by Robert M. Nordlund, PE, RS
Association Reserves, Inc.
Growing and stretching from about 3% to now insuring approximately 30% of all condominium home loans, the Federal Housing Authority (FHA) is attempting to process loans at a historically unprecedented rate. Their rules are back under review.
At the time of this writing, the FHA is wrestling with conflicting objectives: they want to help boost an increase in sales of condominium units (often from non-paying delinquent owners to new owners capable of paying the monthly assessments), but are trying to stay away from insuring mortgages in high-risk associations. Understandably, The FHA doesn’t wish to join the list of organizations needing a government bailout.
Association issues under review are:
- No more than 15% of units over 30-days delinquent (perhaps moving that to a qualified percentage, or a 60-day or 90-day evaluation).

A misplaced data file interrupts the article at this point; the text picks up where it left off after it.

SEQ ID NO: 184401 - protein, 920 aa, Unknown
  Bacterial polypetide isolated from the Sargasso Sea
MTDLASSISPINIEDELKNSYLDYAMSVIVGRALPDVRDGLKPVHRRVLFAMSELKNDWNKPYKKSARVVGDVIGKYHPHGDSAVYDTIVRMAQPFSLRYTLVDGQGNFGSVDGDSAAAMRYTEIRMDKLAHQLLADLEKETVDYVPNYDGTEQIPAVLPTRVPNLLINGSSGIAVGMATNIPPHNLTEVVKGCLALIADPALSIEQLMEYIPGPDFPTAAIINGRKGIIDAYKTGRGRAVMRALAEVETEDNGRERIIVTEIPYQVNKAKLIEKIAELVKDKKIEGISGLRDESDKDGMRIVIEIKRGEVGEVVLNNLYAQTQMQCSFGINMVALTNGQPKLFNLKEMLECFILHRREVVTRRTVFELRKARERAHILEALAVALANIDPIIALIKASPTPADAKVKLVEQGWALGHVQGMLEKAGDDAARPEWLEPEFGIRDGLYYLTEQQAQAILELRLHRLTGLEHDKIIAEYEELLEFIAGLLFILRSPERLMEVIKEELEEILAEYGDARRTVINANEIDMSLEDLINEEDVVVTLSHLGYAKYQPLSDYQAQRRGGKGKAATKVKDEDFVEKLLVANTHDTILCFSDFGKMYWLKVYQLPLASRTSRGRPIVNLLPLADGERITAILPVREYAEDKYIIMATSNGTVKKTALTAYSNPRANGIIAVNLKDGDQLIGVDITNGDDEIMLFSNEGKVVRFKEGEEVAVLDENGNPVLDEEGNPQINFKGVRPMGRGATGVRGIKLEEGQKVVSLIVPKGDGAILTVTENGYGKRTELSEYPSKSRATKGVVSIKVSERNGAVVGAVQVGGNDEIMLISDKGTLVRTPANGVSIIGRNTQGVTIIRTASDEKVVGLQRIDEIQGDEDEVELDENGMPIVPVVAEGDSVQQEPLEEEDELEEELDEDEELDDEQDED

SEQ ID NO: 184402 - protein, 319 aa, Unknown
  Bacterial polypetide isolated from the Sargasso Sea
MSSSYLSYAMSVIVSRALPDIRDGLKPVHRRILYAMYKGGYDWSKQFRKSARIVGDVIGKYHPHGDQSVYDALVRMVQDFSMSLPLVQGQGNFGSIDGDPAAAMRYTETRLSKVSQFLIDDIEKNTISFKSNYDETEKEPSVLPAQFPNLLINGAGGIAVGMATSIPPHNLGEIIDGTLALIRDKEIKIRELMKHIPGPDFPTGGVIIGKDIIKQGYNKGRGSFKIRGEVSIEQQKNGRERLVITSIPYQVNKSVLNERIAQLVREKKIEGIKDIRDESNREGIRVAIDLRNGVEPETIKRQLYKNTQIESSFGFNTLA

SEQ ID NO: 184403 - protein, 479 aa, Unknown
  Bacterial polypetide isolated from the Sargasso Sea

- Currently the FHA will not approve loans at associations less than 50% owner-occupied. The FHA is considering some flexibility here, specifically since owner-occupied is not strictly tracked at many associations.
- Budgets and financial statements are currently required, but the FHA is considering raising the standard to those documents requiring an annual “review” or “audit”.
There appears to be no talk of change at this time to the FHA’s 2009 policy requiring Reserve contributions to be at least 10% of the total budget. As we hear of changes, we’ll pass that news on to you.